A chapter in the recent study by NATO StratCom COE lists and compares narratives that were pushed by the pro-Kremlin media in 2016 and 2018. One of these narratives, present in both years, is the claim that the idea of the Russian threat is ridiculous.
Fast forward two years and what do we see? The Lithuanian Sputnik announces that NATO and the Baltic states are using the “Russian threat” to justify security agreements with the US and the deployment of NATO troops in their territories. The Sputnik article concludes with a bombshell: “Moscow has said it has no plans to attack any country.”
Hmm, unless this country is Ukraine. Or Georgia. Or…
It is clear that the renewed interest in security and territorial defense of European countries post the 2014 aggression against Ukraine is a concern for the pro-Kremlin media. In such articles, the pro-Kremlin media applies a cocktail of unfounded claims about aggressiveness towards Russia with ridicule and threats of destruction if someone even dares to think about buying something painted in camouflage.
The Godfather, the Sodom and the Russian Threat
The latest example of this comes from the TASS Russian news agency, as a commentary on the Finnish plan to buy multi-role fighters: “Maybe Finns are not aware that all Iskanders [short-range ballistic missile system] at the Leningrad Oblast now most likely look not only at the Baltic countries but also at the Finns.”
Thus, according to pro-Kremlin media, it’s all clear: Russia has no plans to attack anyone, Russia aims its short-range ballistic missiles at its neighbors, but the Russian threat should be discounted.
Or is it clear? 23 out of 69 cases we collected this week focus on Ukraine since the events on the Maidan square began in November 2013 and were later followed by the illegal annexation of Crimea by Russia. The anniversary of Maidan, a touchy topic for the Kremlin, also explains why lots of old classic disinformation narratives were dusted off:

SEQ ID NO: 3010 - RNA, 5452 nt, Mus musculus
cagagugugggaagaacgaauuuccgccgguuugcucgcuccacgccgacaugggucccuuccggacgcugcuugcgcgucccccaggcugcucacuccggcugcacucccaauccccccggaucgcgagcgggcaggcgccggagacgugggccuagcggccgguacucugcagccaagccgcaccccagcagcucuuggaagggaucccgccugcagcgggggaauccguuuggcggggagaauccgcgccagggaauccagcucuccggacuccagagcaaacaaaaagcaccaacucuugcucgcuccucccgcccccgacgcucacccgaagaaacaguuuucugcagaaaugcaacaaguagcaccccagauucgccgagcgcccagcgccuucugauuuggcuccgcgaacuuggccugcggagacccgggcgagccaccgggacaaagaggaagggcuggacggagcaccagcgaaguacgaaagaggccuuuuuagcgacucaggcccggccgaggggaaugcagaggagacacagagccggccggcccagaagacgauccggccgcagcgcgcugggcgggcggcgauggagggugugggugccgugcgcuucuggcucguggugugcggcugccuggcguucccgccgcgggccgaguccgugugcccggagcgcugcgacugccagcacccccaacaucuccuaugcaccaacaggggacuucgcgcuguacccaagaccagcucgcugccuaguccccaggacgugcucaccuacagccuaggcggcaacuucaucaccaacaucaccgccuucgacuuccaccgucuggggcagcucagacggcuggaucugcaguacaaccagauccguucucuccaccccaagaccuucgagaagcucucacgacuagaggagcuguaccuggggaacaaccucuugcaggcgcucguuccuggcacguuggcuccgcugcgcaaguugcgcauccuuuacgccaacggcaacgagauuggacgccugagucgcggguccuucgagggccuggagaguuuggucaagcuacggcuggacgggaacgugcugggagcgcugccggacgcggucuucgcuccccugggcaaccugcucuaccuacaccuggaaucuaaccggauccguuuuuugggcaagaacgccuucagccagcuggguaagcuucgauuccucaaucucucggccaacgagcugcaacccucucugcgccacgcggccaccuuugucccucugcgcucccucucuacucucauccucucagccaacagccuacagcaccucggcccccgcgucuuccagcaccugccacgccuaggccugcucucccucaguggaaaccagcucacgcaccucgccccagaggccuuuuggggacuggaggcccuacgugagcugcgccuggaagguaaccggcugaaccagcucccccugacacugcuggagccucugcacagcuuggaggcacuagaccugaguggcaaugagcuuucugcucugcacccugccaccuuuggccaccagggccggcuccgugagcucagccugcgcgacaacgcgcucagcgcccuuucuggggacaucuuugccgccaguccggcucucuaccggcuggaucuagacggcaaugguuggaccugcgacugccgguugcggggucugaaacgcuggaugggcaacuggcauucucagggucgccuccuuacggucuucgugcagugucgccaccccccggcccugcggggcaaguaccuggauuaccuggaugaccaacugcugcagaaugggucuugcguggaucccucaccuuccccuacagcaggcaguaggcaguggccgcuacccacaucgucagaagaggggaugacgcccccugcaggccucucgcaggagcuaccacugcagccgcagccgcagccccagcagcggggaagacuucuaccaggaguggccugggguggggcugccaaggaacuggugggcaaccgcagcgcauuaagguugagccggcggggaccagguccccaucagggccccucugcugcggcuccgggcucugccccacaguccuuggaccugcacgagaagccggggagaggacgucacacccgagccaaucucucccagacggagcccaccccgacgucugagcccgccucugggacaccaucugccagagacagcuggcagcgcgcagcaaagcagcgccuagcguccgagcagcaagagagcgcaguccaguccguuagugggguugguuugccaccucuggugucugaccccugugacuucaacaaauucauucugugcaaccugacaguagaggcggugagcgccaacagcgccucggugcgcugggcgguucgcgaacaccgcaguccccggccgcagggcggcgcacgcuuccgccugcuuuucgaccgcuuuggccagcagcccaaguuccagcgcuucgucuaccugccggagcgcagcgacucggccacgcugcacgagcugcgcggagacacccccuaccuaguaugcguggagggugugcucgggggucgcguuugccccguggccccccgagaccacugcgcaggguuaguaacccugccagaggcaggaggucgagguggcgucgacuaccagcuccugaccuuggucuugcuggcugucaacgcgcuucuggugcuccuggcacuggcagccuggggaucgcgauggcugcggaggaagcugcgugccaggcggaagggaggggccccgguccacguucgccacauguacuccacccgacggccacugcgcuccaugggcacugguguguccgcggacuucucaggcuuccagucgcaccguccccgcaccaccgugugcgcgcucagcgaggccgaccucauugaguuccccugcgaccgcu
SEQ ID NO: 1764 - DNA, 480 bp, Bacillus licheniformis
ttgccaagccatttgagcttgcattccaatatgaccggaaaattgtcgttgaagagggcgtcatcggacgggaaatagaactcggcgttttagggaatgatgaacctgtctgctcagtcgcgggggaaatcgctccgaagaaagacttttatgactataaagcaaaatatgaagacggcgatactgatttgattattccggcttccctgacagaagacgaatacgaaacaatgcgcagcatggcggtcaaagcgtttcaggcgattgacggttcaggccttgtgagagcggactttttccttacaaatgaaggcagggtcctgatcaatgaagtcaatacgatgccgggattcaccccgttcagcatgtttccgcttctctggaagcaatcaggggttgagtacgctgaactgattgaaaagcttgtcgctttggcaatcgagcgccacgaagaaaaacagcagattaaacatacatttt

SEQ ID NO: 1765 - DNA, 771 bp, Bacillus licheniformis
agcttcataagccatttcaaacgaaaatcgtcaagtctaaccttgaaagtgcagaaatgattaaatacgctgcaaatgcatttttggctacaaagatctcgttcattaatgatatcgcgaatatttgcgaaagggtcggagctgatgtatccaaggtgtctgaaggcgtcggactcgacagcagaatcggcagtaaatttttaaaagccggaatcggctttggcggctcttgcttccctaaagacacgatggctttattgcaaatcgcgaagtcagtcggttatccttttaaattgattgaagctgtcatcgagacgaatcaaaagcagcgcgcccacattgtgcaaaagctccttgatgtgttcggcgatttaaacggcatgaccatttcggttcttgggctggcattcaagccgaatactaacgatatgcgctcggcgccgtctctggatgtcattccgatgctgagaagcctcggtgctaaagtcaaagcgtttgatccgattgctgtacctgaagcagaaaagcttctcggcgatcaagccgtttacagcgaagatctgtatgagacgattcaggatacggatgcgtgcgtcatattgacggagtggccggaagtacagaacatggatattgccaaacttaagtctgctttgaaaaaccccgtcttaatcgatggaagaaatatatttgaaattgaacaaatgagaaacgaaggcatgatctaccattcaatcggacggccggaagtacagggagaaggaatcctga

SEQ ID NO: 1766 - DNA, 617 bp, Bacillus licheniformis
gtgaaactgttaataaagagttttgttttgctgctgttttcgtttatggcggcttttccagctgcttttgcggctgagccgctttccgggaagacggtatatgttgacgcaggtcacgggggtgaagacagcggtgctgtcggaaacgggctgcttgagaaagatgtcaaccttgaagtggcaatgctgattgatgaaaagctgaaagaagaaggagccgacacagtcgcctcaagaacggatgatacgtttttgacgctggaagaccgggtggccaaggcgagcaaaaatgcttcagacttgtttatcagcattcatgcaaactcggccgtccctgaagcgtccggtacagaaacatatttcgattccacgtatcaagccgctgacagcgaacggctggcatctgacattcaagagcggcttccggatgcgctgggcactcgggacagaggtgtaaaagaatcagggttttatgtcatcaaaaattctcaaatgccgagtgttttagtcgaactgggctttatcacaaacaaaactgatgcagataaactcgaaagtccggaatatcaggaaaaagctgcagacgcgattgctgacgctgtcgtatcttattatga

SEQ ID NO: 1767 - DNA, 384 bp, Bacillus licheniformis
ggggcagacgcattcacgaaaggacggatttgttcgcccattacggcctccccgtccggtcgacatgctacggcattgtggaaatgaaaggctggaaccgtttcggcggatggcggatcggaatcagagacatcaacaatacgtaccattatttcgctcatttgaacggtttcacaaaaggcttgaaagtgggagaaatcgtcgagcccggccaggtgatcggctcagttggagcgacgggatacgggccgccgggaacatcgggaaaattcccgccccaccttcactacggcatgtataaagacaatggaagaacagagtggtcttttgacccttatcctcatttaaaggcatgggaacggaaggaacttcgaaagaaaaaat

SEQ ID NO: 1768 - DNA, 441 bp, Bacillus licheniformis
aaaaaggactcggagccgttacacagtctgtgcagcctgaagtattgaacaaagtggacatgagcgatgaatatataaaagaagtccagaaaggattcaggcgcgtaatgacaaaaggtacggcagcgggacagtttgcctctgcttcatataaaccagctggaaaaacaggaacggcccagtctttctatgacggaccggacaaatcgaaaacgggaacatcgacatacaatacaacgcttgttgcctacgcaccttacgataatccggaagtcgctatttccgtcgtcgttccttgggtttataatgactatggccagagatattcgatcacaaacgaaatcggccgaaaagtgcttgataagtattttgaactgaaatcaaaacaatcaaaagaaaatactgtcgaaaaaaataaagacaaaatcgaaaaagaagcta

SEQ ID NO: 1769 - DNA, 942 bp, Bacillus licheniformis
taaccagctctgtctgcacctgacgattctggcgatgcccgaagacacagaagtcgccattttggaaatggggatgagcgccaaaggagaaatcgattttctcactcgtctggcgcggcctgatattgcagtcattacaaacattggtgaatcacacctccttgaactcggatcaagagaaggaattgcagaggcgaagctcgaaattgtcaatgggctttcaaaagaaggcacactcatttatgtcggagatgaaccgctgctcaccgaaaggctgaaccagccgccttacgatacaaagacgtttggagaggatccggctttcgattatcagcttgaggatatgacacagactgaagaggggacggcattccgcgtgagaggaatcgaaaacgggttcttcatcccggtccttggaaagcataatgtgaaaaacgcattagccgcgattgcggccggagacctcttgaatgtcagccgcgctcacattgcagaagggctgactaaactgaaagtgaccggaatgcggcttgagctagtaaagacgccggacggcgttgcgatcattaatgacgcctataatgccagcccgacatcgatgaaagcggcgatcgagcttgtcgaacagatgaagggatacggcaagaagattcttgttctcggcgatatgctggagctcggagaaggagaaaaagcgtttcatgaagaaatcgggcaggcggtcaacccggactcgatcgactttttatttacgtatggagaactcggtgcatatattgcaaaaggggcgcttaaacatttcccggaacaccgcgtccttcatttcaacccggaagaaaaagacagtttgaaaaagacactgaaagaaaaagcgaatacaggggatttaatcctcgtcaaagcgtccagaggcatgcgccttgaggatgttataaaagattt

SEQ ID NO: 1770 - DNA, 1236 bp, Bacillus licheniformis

- There is a civil war in Ukraine
- Ukraine lost its sovereignty after Euromaidan
- Euromaidan was a coup (armed, fascist, and Russophobic!)
However, the aforementioned narratives are outperformed by the claim that in 2014 the Crimean population realized the right to self-determination through a free and peaceful vote in accordance with international standards.
Paraphrasing the ’With a Little Help From My Friends’ by The Beatles “I get self-determination with a little help from my little green friends (in tanks and armored personnel carriers)!”
Now, on a more serious note (kidding!) this week also offered some humorous examples of disinformation. According to pro-Kremlin media, the values of the Council of Europe and the European Union are the values of Satan and that homosexuals having the right to create a family leads to “…catastrophic destruction“ greenlighting Sodom and Gomorrah.
The last example of disinformation comes from the US and concerns Skinny Joey or Joey Merlino, a reputed Philadelphia mob boss. Supposedly he was paid 3 million dollars to forge 300,000 votes for Joe Biden. But as often happens with interesting claims and pro-Kremlin disinformation, there is no evidence to support them.
- “We’re all living in America”: this week’s Russian disinformation
- “Tallies from the crypt”: Russian propaganda’s conspiracies on voting fraud in US
- From English into Russian into Czech: re-translation as a Russian propaganda’s manipulation tool
- The ghosts of the Kremlin’s past: this week’s targets of Russian propaganda
- This week’s Russian propaganda: Ukraine to smuggle Russian vaccine
- How Communist propaganda made eastern Ukraine hate the national liberation movement
- Back to basics: Ukraine, revisionism, Russophobia top Kremlin’s propaganda narratives again
- COVID-19 narratives high but declining, Ukraine on the rise in Russian propaganda
- Canceling its international broadcast, Ukraine yields more ground to Russian propaganda internationally
Tags: DisinfoReview, disinformation, hybrid warfare, Kremlin propaganda, propaganda, Russia's hybrid war, Russian disinformation, Russian media, Russian media fakes, Russian propaganda, Ukraine, Ukrainophobia